"If I had seen the reciprocal nature of the information I would still have believed that in this situation Colin showed very poor judgement and now risked serious embarrassment for himself and his family, but I personally would not have thought that he had sexually harassed Ms MacGregor."
Shortly after, Mr Craig stepped down as party leader while the board considered the leadership.
Mr Dobbs said he had hoped that Mr Craig stepping down would have avoided sensitive and disputed matters becoming public.
However, the same day it was announced some of the documents Mr Williams had were leaked through Whale Oil.
- Jordan Williams - The plaintiff in the case and executive director of the Taxpayers' Union. He has accused Colin Craig of defaming him in a leaflet that was sent to 1.6 million households around the country in July 2015.
- Colin Craig - The defendant and former leader of the Conservative Party. He stepped down as leader in mid-2015 amid renewed speculation about his relationship with his former staffer, Rachel MacGregor.
- Rachel MacGregor - The woman at the centre of the allegations and Mr Craig's former press secretary. She alleges she was sexually harassed by Mr Craig over a long period of time. She quit her job two days before the 2014 election over a pay dispute.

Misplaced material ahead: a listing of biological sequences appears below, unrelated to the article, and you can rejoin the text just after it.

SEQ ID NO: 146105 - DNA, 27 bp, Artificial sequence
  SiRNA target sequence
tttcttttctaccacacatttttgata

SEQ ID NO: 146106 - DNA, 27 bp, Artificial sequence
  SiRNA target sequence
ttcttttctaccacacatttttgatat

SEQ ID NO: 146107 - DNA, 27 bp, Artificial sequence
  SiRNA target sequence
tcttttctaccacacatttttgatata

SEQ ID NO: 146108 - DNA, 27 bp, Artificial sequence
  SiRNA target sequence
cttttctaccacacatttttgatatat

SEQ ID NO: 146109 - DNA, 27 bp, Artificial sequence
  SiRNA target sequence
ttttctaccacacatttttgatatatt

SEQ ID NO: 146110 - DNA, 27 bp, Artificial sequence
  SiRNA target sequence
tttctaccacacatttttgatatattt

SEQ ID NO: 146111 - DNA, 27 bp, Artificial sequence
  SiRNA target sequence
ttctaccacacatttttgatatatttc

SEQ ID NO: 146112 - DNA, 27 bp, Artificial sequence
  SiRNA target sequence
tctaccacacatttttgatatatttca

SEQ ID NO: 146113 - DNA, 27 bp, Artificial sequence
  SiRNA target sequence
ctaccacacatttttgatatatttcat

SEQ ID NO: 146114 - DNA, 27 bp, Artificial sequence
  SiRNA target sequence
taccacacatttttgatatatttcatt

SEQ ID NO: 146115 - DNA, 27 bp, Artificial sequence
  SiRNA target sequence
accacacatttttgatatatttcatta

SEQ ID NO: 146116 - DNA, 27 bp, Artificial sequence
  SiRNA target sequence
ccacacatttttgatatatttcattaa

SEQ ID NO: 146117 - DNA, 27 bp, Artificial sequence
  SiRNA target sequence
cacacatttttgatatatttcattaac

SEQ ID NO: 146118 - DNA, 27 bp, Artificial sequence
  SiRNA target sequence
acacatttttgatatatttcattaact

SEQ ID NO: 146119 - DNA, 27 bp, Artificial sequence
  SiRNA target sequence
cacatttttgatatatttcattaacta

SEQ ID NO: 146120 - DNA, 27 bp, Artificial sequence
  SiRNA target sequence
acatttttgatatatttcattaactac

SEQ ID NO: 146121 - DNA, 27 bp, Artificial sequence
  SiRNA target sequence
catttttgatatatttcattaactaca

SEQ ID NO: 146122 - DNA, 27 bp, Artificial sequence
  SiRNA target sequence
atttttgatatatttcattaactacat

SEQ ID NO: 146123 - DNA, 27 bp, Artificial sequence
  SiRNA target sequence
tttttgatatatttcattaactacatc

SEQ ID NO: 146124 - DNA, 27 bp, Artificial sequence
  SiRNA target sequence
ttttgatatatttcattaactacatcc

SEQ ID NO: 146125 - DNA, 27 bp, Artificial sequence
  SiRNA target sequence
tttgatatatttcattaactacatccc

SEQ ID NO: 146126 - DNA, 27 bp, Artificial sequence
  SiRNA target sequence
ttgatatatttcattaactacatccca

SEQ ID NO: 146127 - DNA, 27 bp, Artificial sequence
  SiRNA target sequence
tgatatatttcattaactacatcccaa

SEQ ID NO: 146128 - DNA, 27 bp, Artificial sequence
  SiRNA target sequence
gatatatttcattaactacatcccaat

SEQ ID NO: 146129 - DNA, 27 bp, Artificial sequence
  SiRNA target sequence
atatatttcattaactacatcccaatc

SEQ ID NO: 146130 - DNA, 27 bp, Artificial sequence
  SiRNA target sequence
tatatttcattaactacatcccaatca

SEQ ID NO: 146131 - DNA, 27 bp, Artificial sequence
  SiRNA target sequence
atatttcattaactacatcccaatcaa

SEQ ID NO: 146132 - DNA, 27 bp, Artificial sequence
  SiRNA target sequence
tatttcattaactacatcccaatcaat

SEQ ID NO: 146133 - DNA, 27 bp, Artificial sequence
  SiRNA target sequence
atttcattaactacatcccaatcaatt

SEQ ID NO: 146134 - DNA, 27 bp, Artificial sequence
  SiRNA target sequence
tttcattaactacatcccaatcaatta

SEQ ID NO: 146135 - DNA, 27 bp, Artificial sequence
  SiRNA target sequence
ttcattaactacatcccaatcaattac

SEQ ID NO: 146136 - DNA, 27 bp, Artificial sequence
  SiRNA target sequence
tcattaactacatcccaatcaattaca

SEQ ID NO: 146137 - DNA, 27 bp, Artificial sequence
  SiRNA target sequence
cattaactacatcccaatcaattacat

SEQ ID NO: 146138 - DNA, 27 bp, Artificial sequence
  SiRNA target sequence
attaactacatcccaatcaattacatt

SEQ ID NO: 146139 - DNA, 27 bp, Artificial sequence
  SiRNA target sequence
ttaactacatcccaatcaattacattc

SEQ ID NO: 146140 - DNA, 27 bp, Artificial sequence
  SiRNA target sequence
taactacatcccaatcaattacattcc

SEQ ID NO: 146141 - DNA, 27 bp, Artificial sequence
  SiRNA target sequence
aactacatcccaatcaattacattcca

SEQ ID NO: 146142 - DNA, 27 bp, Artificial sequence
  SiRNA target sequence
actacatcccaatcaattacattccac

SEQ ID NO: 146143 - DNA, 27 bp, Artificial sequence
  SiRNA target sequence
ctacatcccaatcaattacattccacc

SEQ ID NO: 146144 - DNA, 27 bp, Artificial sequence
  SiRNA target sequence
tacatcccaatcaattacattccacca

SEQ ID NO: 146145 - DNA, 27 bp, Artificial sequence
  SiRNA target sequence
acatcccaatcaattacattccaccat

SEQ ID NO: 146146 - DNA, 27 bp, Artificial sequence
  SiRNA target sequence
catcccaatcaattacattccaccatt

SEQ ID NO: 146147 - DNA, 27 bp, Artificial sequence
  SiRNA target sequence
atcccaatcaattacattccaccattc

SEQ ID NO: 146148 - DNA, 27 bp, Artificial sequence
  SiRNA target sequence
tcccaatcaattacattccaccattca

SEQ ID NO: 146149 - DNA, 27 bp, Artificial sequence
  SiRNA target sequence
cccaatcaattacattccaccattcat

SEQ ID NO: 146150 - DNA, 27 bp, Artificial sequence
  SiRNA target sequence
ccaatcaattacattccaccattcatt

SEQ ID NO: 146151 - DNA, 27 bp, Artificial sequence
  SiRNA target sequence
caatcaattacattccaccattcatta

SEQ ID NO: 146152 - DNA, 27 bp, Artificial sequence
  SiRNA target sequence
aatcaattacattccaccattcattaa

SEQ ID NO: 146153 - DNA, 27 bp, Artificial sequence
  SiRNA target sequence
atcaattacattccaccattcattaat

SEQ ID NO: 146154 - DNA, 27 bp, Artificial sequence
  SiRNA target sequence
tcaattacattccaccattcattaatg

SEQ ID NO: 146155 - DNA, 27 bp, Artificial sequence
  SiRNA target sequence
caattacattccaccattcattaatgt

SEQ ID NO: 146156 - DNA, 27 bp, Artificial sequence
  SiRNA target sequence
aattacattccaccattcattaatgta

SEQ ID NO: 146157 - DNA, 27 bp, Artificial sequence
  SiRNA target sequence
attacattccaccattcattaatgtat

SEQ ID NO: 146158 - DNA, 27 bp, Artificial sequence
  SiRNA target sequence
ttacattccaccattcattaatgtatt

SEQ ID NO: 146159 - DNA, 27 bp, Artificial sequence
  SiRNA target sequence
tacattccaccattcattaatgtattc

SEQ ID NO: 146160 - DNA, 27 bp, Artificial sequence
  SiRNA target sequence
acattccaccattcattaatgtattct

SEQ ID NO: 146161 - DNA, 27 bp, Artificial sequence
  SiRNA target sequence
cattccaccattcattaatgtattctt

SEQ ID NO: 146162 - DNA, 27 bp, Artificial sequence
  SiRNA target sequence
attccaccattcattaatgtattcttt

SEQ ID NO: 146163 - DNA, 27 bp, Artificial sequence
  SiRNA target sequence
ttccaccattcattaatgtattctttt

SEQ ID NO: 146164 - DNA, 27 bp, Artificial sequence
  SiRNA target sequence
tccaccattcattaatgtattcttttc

- Peter McKnight - Mr Williams' lawyer.
- Stephen Mills - Mr Craig's lawyer. A defamation expert.
- Justice Katz - The High Court judge presiding over the trial.
- John Stringer - Former Conservative Party board member. Gave evidence that there was no smear campaign against Mr Craig. Also said Mr Craig had told board members there was nothing going on with Ms MacGregor.
- Christine Rankin - Former Conservative Party chief executive and candidate for Epsom in the 2014 election. Told the court she had thought Mr Craig was a moral man who could bring integrity into New Zealand politics.
- Megan Williams - Mr Williams' mother. Gave tearful evidence defending her son's reputation.
- Helen Craig - Mr Craig's wife. Gave evidence supporting her husband.
- Brian Dobbs - former Conservative Party chair